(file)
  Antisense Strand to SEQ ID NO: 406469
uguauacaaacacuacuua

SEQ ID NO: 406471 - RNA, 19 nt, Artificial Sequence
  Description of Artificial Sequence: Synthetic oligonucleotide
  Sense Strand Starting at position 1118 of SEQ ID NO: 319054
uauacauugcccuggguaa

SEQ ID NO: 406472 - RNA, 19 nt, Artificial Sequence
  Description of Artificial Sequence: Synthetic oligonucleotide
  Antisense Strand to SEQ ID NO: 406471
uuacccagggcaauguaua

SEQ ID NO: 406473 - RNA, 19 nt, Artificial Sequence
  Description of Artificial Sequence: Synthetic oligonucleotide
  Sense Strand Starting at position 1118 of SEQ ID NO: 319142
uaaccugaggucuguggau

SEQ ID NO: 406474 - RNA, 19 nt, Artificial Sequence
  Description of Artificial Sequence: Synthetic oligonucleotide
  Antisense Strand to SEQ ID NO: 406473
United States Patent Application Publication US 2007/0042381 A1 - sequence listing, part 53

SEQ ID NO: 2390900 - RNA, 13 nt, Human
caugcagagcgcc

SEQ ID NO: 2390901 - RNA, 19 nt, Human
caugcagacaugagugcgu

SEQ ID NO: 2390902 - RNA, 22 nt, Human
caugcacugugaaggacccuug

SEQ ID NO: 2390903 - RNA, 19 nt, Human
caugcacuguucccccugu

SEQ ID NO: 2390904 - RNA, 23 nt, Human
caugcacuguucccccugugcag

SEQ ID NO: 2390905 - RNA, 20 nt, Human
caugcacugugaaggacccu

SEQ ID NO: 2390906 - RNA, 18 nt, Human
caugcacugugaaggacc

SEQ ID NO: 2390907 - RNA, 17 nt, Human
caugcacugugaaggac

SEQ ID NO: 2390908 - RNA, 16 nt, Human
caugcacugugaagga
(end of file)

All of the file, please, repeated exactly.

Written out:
  Antisense Strand to SEQ ID NO: 406469
uguauacaaacacuacuua

SEQ ID NO: 406471 - RNA, 19 nt, Artificial Sequence
  Description of Artificial Sequence: Synthetic oligonucleotide
  Sense Strand Starting at position 1118 of SEQ ID NO: 319054
uauacauugcccuggguaa

SEQ ID NO: 406472 - RNA, 19 nt, Artificial Sequence
  Description of Artificial Sequence: Synthetic oligonucleotide
  Antisense Strand to SEQ ID NO: 406471
uuacccagggcaauguaua

SEQ ID NO: 406473 - RNA, 19 nt, Artificial Sequence
  Description of Artificial Sequence: Synthetic oligonucleotide
  Sense Strand Starting at position 1118 of SEQ ID NO: 319142
uaaccugaggucuguggau

SEQ ID NO: 406474 - RNA, 19 nt, Artificial Sequence
  Description of Artificial Sequence: Synthetic oligonucleotide
  Antisense Strand to SEQ ID NO: 406473
United States Patent Application Publication US 2007/0042381 A1 - sequence listing, part 53

SEQ ID NO: 2390900 - RNA, 13 nt, Human
caugcagagcgcc

SEQ ID NO: 2390901 - RNA, 19 nt, Human
caugcagacaugagugcgu

SEQ ID NO: 2390902 - RNA, 22 nt, Human
caugcacugugaaggacccuug

SEQ ID NO: 2390903 - RNA, 19 nt, Human
caugcacuguucccccugu

SEQ ID NO: 2390904 - RNA, 23 nt, Human
caugcacuguucccccugugcag

SEQ ID NO: 2390905 - RNA, 20 nt, Human
caugcacugugaaggacccu

SEQ ID NO: 2390906 - RNA, 18 nt, Human
caugcacugugaaggacc

SEQ ID NO: 2390907 - RNA, 17 nt, Human
caugcacugugaaggac

SEQ ID NO: 2390908 - RNA, 16 nt, Human
caugcacugugaagga